Emblazoned with slogans like “Black & Unwanted” and “Black Children Are An Endangered Species,” a second wave of anti-abortion billboards aimed at black women hit the Georgia cities of Macon, Savannah, and Augusta on Friday.
The 60-ad campaign, which first launched in February but was removed by pro-choicers, is part of a growing rumor (pushed by activist groups) that abortion clinics target black communities with the sinister aim of eradicating black people. Members of this race-based branch of the anti-abortion movement cite Margaret Sanger’s eugenics ties, the seemingly large number of Planned Parenthood clinics in minority communities, and the fact that black women have more abortions than other racial groups as evidence that racist intent underlies the pro-abortion movement. Ryan Bomberger, a representative from the Radiance Foundation, one of the billboards’ co-sponsors, told Mother Jones that “for the most part, most people make decisions about abortions based on false rhetoric. Part of that is that no one wants these [black] children.”
If unwanted children are really the problem, adoption and parenting are mentioned on Planned Parenthood’s site, but curiously not on the billboards. Plus, in 2008 there were 9% fewer black children awaiting adoption than white children. As for Planned Parenthood targeting black communities, according to spokesperson Diane Quest about six percent of the organization’s health centers are located in zip codes that have a black population of more than fifty percent. Quest told me that race does not factor in to Planned Parenthood locations, but a lack of affordable reproductive, family planning, and health services in an area does.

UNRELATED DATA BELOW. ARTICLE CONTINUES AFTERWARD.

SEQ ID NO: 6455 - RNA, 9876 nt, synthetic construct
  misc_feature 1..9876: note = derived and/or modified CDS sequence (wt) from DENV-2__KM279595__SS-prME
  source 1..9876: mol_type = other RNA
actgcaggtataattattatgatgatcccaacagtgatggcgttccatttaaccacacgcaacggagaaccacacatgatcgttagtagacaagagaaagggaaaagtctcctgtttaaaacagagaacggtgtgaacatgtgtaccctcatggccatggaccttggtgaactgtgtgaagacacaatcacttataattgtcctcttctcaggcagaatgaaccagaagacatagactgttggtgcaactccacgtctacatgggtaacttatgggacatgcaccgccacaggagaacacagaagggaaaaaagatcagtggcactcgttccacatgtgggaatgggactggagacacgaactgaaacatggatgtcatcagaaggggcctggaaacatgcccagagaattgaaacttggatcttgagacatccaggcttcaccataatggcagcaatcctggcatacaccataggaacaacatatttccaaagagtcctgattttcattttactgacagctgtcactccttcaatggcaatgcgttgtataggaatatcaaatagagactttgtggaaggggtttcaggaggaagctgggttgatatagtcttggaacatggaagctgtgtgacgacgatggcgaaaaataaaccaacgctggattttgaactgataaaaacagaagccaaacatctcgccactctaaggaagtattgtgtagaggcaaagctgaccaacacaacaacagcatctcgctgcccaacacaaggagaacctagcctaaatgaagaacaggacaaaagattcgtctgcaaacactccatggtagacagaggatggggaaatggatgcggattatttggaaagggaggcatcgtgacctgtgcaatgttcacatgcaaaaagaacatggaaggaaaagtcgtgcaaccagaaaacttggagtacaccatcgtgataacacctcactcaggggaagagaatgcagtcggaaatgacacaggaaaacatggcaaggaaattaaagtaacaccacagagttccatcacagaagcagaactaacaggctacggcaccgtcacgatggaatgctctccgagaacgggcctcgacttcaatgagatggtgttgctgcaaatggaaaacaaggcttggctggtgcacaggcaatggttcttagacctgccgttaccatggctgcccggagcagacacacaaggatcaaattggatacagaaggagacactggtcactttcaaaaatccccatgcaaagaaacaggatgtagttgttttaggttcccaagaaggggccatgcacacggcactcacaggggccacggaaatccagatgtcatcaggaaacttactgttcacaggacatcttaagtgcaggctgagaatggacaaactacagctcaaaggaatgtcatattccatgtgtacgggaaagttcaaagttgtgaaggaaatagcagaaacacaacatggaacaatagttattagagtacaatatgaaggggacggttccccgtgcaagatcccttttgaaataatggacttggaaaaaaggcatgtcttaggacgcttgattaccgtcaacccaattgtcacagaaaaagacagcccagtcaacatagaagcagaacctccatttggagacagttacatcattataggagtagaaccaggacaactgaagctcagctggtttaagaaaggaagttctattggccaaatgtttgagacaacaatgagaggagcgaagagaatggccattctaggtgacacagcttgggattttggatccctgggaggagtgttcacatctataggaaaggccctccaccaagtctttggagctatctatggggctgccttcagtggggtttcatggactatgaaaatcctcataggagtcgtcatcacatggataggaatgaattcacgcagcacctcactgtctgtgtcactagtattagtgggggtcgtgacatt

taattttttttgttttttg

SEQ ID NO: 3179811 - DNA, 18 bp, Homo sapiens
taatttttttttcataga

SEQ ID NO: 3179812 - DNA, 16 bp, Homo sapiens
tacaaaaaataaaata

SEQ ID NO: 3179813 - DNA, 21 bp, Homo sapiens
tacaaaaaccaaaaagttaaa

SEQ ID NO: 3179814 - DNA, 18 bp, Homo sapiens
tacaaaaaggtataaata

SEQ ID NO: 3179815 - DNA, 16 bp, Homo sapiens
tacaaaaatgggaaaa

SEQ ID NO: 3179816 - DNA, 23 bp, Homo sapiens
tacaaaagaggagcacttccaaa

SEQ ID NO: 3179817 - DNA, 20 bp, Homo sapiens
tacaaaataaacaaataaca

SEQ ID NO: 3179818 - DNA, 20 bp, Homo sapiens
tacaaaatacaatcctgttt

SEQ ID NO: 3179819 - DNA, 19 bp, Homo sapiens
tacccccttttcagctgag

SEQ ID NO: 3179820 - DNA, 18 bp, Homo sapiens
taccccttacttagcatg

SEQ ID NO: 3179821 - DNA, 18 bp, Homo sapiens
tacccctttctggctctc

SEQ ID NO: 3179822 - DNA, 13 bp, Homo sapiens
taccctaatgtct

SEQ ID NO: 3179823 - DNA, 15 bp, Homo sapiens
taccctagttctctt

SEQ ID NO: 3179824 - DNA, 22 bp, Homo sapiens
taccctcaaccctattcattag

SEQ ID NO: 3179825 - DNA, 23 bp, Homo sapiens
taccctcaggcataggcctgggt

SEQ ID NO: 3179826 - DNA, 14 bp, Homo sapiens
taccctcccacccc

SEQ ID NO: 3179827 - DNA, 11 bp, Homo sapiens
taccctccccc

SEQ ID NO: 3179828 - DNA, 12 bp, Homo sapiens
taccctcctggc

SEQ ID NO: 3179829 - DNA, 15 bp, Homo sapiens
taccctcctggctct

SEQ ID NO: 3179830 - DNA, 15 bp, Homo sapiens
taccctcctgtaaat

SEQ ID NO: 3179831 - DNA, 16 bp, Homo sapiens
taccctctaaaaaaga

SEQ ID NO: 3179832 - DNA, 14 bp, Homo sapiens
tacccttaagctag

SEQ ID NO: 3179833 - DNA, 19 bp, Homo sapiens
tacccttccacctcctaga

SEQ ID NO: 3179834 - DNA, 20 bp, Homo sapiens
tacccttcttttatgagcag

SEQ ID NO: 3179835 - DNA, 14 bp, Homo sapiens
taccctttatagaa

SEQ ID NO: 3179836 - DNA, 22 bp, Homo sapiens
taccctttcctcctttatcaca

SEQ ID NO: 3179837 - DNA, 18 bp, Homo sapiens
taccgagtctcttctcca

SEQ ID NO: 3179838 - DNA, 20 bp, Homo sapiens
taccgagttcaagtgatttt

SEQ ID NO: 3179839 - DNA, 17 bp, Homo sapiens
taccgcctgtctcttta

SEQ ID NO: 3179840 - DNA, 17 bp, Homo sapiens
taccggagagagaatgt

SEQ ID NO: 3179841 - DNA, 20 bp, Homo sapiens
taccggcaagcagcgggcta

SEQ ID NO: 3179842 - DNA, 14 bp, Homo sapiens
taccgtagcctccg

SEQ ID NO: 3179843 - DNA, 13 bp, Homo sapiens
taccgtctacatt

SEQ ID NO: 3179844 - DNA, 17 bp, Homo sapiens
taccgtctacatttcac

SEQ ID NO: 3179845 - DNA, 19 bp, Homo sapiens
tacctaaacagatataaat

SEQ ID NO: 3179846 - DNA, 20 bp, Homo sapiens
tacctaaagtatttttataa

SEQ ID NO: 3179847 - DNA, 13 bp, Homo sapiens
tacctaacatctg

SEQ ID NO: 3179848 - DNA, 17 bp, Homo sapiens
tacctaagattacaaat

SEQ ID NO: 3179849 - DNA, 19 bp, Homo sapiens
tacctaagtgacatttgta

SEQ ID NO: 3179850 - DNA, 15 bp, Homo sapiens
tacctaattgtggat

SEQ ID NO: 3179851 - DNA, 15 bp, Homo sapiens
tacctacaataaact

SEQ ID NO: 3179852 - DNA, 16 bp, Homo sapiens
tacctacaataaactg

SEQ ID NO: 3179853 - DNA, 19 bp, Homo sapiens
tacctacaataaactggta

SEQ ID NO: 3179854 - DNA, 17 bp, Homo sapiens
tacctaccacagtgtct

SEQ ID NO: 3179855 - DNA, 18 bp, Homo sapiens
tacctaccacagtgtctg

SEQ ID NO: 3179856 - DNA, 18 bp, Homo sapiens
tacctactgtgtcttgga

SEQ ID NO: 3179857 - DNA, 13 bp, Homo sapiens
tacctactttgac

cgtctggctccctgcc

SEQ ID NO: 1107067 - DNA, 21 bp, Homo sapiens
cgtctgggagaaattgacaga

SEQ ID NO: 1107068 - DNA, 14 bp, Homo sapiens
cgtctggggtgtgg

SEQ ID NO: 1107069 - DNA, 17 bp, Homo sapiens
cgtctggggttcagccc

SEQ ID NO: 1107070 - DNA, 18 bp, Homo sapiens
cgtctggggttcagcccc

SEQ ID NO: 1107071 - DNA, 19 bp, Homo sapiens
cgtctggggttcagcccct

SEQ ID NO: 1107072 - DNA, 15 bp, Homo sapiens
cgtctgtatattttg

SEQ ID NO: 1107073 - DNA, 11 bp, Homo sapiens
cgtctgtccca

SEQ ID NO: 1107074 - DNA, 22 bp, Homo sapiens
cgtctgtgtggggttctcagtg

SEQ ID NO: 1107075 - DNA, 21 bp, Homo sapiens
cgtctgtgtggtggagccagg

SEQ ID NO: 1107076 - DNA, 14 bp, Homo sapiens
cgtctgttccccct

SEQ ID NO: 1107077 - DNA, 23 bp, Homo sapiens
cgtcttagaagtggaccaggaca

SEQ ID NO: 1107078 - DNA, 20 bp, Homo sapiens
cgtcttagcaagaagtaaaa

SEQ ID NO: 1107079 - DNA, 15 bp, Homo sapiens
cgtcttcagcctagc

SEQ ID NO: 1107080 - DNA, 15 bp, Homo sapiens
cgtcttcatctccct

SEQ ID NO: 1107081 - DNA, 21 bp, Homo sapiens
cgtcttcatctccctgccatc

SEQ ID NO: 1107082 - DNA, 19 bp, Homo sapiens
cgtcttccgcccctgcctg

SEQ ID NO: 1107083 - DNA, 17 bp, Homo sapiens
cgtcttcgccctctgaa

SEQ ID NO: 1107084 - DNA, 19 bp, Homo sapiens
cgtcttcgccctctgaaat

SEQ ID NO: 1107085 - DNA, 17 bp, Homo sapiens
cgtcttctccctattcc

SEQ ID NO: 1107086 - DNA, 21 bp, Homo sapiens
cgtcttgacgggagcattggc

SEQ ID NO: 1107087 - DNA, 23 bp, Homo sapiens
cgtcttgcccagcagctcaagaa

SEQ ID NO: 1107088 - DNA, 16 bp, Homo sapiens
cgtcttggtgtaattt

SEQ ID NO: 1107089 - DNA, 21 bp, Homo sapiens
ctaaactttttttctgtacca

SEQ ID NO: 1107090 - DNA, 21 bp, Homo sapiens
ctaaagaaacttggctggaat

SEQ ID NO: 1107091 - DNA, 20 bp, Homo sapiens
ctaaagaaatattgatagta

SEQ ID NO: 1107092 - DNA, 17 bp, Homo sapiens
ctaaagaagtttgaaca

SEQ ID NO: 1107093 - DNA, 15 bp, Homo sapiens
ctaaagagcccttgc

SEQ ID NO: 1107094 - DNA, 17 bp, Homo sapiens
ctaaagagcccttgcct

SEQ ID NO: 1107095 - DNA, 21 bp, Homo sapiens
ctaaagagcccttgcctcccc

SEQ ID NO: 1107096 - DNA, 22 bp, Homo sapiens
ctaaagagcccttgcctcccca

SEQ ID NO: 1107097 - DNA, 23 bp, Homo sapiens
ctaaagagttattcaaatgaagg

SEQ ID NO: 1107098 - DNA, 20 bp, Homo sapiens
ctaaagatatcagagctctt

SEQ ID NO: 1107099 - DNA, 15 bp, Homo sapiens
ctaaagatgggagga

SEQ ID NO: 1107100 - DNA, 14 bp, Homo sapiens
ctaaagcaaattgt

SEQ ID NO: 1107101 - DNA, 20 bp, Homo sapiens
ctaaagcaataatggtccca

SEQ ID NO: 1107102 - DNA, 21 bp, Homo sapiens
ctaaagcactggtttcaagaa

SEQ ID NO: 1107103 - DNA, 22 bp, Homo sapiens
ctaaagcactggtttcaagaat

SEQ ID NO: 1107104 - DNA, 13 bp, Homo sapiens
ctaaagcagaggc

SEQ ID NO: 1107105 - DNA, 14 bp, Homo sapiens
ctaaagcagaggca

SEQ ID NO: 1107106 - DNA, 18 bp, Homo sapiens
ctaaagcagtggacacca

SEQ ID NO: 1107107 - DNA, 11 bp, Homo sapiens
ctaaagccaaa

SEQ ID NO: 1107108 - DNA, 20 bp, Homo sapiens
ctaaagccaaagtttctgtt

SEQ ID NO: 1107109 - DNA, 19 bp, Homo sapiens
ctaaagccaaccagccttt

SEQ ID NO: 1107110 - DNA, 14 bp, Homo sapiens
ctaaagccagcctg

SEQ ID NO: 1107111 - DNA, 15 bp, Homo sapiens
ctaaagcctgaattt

Unfortunately, the billboards’ co-sponsors seem to have little regard for pro-active solutions to abortion like preventing unwanted pregnancies. That black women tend to have more unintended pregnancies than other racial groups—which would help explain the abortion disparity—is dismissed as a liberal lie by the Radiance Foundation’s Bomberger. He also denied that women of color are disproportionately impacted by poverty (42 percent of women who had abortions were poor) which affects unintended pregnancies. Bomberger told me that “we don’t want one life to be destroyed to elevate the life of someone else” and “I believe abortion is inherently evil,” both of which pretty much sum up what’s at the heart of the race-baiting anti-abortion campaign. Basically, the Radiance Foundation and the billboards other co-sponsor—the mostly white Georgia’s Right to Life—don’t want women to have abortions, regardless of skin color. Both organizations pushed a now-dead Sex and Race Selection Bill to ban abortion providers from soliciting women of color in Georgia. Undoubtedly, the groups will endure but their billboards may not. SisterSong, a Georgia reproductive health collective for women of color, successfully fought to remove the first batch of billboards in February and will no doubt work to get the new set taken down as well.
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